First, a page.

2013 Point Lobos Foundation Annual Meeting

At our annual meeting on January 5, we were fortunate to have the new Director of California State Parks, Major General Anthony L. Jackson (USMC retired) as our featured speaker. Everyone - including representatives of our sister cooperating associations the Monterey Historic Parks Association, Central Coast Lighthouse Keepers, and Big Sur Natural History Association - was very impressed.

Point Lobos Easy Access Adventure!

Explore the wonders of Point Lobos at your own pace along easy access trails. Docents with scopes, binoculars, otter pelts, photos, and more will be along the trails to make Point Lobos come alive! View the new experience on video here.

Upcoming Adventures:
Wed, September 4 | 11 am - 1 pm
Granite Point Trail
Sat, September 14 | 1:30 pm - 3:30 pm
Granite Point Trail

For future dates, click here.

Scribbles from the trails: Quite the dream

Just got back from the big island of Hawaii.  Wow.  Lava flowing to the sea.  Breeching Humpbacks.  Incredible snorkeling and scuba diving.  Kayaking to Captain Cook's monument.  Rain forests.  King Kamehameha. Missionaries. Kona coffee (oh yeah). Tidepooling. Green sand beaches (yep, green).  Sea arches.  Spectacular waterfalls.  Lots more.  A Chamber of  Commerce dream.

True confession: couldn't wait to get back to Monterey ... especially Point Lobos and "environs."

Scribbles from Weston Beach: an extreme tide range

OK, here's the thing: it's not the Bay of Fundy with its jawdropping 55 foot tide range. Granting that, Monterey's 8.2 range a few days ago on November 14th was still impressive. And especially so at Weston Beach ... with no need for the chilly journey to Nova Scotia. News flash: if you missed it, Santa will arrive early with our most extreme tidal range of the year. We'll have an 8.6 foot tidal swing on Thursday, December 13th.

Bird Island ADA Trail Experience

 The newly revamped Bird Island Trail is proving to be used by physically challenged visitors as an inspiration for following nature.  In the blog below is an account of one such venturesome group who took full advantage of the wonders the trail has to offer.   They have put into words what we had hoped to accomplish with this ADA compatible trail. (Images by RJM)  Click on Bird Island Trail to go   BIRD ISLAND TRAIL

The many faces of Point Lobos: Scribbles from North Shore Trail

Every day, human eyes take it all in and react. Poets to sullen teens, plein air painters to harried parents, wheel chair bound admirers to stopwatch vacationers. For some, the wonder is readily apparent. Others can hardly wait to get back to something else, usually electronic. Mostly, it's awe and respect and sheer joy.  Especially to discover those with a "link" to this special place: a great-great-great grandson of A. M.

Scribbles from Whalers Cove: the "not so good" ... and the really, really good

Litter - it's 2012! - and still all too common.  But at Point Lobos?  A State Natural Reserve?  Infrequently, but more than we'd like, Docents find themselves reminding visitors about the purpose of Point Lobos SNR: to protect its plantlife, wildlife, and natural beauty.  It's a Reserve, not a Park.  Big difference.  Which means no frisbees, kites, footballs, and such.  And no food or drink, other than in the picnic areas.  Certainly, no litter.  Broken beer bottles and other bits - all of it ugly and disappointing -  can be lifetaking for pelicans, otters, and their kind.  All too often, Docents find themselves cleaning up plastic, glass and other harmful bits that don't belong.  Not so good.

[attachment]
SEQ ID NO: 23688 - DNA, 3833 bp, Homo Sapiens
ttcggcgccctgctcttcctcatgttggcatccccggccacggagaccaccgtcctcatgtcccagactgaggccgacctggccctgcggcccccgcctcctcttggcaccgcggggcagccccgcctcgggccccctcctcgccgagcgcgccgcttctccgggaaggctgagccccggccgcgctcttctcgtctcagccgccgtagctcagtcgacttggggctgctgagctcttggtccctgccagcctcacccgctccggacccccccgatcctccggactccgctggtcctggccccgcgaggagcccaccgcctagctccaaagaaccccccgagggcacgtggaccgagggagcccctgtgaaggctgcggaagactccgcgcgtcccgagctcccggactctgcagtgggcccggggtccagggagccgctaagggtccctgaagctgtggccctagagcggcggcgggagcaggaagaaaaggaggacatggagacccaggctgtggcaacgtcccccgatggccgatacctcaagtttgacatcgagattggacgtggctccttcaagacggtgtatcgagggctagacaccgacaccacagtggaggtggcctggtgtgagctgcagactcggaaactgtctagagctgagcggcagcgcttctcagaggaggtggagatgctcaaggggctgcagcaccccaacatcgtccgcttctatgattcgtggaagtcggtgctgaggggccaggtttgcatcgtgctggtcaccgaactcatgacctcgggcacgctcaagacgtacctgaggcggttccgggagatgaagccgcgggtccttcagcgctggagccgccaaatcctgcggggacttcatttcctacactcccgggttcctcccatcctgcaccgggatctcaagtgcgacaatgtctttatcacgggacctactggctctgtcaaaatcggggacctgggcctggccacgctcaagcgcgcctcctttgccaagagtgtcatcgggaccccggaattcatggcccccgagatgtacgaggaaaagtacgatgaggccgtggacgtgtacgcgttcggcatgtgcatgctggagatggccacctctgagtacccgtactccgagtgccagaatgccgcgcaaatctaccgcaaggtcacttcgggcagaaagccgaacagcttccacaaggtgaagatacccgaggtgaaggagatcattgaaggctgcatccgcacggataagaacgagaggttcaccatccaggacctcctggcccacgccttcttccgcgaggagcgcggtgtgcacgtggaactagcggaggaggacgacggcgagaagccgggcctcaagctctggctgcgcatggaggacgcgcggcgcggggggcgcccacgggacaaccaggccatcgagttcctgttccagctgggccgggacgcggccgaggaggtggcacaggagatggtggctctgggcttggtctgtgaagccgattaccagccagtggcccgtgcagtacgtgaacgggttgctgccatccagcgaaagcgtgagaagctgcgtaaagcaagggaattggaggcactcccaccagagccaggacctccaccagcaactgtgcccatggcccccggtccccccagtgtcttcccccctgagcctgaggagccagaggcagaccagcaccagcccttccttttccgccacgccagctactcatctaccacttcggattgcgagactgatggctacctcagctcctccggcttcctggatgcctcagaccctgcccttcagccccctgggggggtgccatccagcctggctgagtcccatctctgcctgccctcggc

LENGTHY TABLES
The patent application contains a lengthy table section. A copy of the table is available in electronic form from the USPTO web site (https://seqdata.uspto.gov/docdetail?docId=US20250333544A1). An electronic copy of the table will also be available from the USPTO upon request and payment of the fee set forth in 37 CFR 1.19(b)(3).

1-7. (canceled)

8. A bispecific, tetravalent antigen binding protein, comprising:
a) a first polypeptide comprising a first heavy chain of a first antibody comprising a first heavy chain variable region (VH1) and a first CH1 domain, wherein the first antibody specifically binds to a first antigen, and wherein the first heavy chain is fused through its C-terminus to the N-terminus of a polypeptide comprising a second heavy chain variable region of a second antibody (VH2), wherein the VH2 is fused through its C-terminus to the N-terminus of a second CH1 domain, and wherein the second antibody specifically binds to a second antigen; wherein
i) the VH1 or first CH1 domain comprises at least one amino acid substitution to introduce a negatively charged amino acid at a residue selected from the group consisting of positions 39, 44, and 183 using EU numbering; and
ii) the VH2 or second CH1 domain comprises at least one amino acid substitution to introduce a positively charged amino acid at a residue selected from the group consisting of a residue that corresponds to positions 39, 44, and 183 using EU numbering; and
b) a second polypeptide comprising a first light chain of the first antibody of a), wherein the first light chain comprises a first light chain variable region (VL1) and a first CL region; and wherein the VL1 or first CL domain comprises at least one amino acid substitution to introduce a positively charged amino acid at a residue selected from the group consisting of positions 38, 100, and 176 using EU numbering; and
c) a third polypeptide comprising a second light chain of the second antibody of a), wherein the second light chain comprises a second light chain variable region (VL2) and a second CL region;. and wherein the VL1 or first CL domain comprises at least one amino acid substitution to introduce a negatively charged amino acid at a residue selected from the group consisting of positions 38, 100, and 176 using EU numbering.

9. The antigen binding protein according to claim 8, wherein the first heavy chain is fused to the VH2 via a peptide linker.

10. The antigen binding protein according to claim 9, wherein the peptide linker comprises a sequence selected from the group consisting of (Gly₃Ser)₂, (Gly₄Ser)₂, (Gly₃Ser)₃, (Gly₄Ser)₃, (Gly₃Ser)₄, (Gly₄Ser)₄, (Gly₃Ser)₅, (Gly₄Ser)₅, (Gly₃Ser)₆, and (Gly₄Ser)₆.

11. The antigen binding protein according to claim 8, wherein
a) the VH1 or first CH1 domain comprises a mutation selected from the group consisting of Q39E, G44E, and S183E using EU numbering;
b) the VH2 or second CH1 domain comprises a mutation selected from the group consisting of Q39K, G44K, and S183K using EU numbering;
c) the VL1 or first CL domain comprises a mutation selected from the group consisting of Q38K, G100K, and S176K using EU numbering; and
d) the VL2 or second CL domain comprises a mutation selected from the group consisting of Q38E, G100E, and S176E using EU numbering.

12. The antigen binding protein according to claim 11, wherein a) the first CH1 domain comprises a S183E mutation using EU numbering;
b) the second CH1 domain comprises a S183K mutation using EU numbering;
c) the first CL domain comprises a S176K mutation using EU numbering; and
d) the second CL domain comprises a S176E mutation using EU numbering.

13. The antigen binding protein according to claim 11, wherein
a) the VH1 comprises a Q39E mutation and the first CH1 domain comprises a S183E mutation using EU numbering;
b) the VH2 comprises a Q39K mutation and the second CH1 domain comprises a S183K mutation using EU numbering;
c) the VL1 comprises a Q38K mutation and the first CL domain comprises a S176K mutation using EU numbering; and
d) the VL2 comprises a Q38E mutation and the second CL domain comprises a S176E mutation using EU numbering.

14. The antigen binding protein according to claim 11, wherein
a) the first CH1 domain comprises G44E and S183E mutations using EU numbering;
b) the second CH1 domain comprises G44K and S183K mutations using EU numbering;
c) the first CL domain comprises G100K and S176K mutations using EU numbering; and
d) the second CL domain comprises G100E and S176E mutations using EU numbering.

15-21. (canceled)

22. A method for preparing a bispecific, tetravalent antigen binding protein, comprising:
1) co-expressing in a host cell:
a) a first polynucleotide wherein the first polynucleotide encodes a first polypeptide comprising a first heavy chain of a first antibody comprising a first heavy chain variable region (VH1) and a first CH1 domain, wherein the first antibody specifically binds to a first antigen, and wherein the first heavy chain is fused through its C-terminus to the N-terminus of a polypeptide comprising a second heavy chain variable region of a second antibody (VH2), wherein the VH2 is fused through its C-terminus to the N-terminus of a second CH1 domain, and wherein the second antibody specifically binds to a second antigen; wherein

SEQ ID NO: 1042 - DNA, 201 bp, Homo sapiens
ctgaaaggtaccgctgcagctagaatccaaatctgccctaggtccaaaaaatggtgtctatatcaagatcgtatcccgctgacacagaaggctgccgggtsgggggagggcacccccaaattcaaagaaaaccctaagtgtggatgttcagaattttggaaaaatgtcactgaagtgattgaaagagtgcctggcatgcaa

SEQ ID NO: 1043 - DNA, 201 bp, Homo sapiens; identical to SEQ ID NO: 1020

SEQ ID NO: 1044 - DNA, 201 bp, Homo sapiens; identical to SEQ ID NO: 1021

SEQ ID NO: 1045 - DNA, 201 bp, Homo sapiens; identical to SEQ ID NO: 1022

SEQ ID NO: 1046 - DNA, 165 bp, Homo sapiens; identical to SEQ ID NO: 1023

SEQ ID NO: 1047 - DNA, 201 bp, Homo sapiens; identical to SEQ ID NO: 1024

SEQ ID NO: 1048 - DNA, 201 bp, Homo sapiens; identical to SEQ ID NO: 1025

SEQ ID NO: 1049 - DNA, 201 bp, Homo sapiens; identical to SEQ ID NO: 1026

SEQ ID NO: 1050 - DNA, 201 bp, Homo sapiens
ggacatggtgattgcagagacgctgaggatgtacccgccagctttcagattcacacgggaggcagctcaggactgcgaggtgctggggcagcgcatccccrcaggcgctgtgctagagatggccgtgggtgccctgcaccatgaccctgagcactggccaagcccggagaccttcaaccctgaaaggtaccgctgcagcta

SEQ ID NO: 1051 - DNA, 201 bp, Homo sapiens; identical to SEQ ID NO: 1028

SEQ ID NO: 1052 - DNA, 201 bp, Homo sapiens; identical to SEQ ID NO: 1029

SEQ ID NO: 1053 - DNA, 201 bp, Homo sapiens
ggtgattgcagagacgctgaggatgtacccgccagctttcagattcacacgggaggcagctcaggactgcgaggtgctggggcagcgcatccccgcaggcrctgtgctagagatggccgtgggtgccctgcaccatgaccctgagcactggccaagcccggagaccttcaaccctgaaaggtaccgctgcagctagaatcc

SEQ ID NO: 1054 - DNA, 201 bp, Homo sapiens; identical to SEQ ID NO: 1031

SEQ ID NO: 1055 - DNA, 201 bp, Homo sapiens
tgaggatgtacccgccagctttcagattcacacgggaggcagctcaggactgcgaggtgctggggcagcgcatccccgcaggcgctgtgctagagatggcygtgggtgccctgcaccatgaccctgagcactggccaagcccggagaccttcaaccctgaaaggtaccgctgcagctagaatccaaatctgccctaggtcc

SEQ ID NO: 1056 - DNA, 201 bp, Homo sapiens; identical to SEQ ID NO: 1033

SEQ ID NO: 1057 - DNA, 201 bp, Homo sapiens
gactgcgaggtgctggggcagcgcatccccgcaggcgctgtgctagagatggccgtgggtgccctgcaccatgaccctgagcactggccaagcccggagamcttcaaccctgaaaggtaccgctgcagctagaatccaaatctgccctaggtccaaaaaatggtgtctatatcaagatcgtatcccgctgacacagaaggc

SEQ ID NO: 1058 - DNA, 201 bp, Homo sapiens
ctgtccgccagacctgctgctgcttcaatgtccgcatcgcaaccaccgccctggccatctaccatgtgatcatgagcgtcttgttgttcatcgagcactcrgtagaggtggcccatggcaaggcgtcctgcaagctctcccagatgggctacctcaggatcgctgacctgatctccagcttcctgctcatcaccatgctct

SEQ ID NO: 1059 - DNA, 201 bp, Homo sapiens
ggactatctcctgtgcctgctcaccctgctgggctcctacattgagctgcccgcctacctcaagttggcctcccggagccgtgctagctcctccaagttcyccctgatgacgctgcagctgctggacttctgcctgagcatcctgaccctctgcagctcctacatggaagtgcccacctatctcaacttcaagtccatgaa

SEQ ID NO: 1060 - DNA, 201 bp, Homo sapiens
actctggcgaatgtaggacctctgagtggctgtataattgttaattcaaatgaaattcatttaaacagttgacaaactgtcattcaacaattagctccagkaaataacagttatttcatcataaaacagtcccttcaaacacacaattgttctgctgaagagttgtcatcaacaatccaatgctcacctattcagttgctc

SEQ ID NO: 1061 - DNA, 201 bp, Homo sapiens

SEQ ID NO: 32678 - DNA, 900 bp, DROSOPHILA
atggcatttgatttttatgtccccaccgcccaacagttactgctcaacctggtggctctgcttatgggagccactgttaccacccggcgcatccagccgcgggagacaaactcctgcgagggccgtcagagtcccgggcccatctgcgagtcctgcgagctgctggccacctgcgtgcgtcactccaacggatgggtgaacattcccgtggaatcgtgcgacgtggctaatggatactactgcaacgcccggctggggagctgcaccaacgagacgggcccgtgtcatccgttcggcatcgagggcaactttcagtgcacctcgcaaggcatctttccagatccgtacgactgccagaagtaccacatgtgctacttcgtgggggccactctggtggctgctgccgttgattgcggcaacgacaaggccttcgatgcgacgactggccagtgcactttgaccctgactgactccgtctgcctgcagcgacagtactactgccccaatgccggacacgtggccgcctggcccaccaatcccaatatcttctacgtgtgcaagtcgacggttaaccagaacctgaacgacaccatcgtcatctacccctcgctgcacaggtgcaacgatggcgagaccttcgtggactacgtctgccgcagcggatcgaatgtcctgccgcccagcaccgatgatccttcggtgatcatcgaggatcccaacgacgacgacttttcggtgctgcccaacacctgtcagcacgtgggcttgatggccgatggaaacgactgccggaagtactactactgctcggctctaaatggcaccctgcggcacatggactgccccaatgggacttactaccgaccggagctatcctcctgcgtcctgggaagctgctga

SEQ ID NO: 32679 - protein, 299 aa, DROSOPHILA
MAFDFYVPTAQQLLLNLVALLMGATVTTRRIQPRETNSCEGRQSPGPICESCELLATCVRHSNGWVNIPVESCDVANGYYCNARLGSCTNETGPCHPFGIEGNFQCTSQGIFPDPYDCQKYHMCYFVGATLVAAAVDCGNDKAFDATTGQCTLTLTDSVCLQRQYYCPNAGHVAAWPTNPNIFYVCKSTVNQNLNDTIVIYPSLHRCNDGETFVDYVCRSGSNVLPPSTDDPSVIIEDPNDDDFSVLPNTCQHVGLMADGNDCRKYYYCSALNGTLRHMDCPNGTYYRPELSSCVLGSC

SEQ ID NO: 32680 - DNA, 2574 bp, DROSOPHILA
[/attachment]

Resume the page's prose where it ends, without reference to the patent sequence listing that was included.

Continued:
On the other hand ... thirty teenage exchange students from Osaka, Japan were incredibly respectful and appreciative of Point Lobos' reserve status.  Working with their limited English skills, they listened closely to a Museum overview by Ruthann Donahue, helped along by an intrepreter traveling with them.  Time in the Whaling Station and on the trails with Docent guides gave them an even deeper appreciation for the human history of Point Lobos, especially its Japanese legacy, and the natural wonders around them.  A nesting Great Blue Heron and a mother and pup otter were just a few of the other memories they will take away with them, hopefully for a lifetime.  Really, really good.
"Everybody needs beauty, as well as bread; places to play in and pray in, where nature may heal and give strength to body and soul alike."  John Muir


  After nearly two years of construction and renovation, our exceptional Bird Island Trail is open to the public once more.  The trail had become difficult to walk due to erosion and was originally built with many steps.  The California State Parks with the help of the California Conservation Corps rebuilt the trail to meet Americans With Disabilities (ADA) standards and is now easily navigated by all who visit the Reserve.

The workmanship is truly a marvel when you consider that the CCC trail crews were not using heavy machinery and relied upon hand tools, wheelbarrows, and their own strength to excavate over 12,000 cu ft of soil and 2,000 cu ft of rock.  With the help of Statewide Trails (DPR) and the Monterey District Trail crew, they used dry-stone masonry techniques to build a breathtaking overlook at Pelican Point and a redwood decked bridge to transverse the Gibson Beach cliffside.

A Tribute

Class 34, the newest trained group of Point Lobos Docents, just graduated from their five month course. You read that right.  People of all ages, backgrounds and walks of life volunteer for months of classes, mentoring, reading, shadowing other Docents, and getting to know Point Lobos more intimately, all so they can join 150 other volunteers who already interpret for visitors the wonders of Point Lobos.